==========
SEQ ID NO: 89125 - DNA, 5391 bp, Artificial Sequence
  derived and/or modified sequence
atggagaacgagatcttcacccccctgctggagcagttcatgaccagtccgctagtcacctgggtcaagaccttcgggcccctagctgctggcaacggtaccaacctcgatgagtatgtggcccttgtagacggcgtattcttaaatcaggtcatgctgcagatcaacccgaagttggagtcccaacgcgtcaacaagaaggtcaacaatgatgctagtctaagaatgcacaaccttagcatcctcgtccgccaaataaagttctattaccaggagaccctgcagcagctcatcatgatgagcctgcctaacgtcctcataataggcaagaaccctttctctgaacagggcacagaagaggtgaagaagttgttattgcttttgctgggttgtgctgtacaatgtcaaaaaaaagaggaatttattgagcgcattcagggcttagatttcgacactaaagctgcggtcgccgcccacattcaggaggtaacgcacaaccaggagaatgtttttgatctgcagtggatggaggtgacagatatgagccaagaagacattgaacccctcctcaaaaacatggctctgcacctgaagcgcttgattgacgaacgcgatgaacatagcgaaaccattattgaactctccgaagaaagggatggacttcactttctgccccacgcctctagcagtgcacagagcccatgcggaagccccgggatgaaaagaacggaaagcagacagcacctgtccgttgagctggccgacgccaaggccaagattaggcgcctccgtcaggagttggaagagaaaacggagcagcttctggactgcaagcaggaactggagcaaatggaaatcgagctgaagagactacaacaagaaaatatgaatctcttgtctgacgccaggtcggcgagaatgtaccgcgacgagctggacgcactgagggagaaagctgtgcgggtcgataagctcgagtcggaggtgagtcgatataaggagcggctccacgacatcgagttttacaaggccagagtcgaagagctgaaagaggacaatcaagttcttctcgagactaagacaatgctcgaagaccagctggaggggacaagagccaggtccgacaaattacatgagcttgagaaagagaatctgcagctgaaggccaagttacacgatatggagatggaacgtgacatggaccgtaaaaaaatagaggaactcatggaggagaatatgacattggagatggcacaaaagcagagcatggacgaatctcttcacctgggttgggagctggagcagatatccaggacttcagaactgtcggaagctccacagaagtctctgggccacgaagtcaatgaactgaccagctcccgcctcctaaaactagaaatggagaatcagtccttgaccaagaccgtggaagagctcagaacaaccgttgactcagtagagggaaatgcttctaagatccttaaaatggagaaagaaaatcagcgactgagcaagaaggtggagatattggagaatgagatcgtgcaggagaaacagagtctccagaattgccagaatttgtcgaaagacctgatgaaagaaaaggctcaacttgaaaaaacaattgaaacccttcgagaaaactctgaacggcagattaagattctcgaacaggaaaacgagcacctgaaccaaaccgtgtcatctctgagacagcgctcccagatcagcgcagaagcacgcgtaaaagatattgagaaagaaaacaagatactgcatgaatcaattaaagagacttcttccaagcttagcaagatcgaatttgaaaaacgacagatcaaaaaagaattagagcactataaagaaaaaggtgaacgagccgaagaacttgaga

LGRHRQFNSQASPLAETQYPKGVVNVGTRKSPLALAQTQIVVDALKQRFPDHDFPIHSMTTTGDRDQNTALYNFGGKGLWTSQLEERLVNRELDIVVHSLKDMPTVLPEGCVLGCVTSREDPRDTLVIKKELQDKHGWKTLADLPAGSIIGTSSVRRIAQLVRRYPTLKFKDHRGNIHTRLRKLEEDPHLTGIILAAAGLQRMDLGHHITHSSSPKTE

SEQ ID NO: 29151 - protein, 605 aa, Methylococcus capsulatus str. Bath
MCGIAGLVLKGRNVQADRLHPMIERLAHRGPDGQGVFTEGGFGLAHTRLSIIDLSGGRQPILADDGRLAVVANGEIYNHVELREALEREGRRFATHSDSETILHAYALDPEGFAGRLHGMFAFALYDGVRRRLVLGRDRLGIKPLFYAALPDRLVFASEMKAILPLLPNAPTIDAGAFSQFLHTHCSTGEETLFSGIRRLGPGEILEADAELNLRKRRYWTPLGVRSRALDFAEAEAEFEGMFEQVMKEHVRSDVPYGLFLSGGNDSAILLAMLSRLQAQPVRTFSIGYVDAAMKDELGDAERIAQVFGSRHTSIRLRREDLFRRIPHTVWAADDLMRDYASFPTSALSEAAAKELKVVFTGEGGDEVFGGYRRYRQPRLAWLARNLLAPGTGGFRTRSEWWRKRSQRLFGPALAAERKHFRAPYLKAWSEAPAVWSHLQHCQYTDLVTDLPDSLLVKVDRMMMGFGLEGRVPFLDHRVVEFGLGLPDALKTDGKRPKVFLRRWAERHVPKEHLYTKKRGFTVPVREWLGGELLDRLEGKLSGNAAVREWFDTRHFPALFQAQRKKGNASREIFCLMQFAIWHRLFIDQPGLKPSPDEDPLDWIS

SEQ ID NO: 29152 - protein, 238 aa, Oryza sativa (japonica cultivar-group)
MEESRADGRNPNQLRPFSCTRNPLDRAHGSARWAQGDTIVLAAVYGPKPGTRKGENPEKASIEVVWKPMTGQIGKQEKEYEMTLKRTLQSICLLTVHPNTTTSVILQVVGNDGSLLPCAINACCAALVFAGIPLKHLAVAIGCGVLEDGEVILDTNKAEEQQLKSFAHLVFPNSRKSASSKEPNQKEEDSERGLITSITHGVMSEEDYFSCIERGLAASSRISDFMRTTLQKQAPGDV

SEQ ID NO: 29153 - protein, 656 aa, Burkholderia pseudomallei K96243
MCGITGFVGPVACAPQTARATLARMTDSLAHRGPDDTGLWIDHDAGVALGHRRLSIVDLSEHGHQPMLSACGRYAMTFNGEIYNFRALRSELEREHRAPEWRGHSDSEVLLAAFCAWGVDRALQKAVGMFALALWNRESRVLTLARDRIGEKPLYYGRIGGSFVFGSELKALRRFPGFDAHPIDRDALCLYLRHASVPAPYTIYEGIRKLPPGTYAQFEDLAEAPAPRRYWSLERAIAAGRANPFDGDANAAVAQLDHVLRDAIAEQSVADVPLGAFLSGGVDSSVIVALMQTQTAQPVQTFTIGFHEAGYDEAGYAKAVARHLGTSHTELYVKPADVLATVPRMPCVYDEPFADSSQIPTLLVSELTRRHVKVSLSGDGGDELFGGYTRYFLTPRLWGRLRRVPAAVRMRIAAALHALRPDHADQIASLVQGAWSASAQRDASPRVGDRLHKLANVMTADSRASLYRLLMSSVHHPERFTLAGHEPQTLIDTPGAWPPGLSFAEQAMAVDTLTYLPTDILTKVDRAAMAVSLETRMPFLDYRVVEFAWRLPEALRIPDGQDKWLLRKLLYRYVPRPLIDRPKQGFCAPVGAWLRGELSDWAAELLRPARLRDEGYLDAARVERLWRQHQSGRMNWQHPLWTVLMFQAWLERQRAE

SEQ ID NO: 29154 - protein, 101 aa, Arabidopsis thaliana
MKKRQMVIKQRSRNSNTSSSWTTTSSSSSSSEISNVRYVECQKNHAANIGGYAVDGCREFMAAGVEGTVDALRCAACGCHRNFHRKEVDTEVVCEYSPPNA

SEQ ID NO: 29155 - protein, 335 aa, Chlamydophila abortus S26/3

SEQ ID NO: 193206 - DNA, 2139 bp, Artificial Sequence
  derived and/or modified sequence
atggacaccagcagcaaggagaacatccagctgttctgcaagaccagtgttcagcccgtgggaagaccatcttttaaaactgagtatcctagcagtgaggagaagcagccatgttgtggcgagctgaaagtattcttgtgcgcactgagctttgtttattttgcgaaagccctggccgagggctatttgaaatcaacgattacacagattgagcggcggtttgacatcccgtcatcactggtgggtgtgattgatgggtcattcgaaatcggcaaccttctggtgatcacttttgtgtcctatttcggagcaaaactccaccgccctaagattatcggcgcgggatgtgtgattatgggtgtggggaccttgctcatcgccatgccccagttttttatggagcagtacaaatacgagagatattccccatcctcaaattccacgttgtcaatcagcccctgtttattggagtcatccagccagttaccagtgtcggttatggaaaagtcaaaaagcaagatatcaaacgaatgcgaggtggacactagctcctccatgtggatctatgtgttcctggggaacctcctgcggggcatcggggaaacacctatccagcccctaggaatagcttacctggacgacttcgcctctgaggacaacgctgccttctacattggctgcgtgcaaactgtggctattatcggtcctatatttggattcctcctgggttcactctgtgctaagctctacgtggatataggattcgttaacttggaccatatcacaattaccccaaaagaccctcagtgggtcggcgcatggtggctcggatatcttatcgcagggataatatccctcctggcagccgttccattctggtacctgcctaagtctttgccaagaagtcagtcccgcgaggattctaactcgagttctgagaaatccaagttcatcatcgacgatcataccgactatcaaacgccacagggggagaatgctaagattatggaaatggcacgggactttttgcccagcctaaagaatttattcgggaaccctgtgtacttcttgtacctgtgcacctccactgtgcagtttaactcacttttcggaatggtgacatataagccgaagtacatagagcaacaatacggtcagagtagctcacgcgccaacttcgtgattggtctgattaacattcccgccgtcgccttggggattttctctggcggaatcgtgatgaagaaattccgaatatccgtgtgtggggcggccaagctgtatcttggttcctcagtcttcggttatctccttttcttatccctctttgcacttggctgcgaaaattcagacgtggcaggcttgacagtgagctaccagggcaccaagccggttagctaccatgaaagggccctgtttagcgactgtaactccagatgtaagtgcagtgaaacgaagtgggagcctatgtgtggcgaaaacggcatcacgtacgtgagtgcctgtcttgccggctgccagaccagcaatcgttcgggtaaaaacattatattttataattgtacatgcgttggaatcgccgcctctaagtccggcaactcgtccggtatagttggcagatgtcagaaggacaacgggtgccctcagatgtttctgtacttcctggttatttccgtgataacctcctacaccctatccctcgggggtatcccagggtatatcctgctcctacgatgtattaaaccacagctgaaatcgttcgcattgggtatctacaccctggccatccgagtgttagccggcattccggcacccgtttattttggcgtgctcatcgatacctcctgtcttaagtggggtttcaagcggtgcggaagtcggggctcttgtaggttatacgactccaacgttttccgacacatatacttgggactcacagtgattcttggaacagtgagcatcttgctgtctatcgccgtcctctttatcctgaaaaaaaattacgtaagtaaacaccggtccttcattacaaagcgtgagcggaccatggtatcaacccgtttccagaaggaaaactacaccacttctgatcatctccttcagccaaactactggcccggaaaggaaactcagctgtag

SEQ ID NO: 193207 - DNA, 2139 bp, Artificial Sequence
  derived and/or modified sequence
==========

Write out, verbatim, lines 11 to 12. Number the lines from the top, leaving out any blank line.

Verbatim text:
SEQ ID NO: 29154 - protein, 101 aa, Arabidopsis thaliana
MKKRQMVIKQRSRNSNTSSSWTTTSSSSSSSEISNVRYVECQKNHAANIGGYAVDGCREFMAAGVEGTVDALRCAACGCHRNFHRKEVDTEVVCEYSPPNA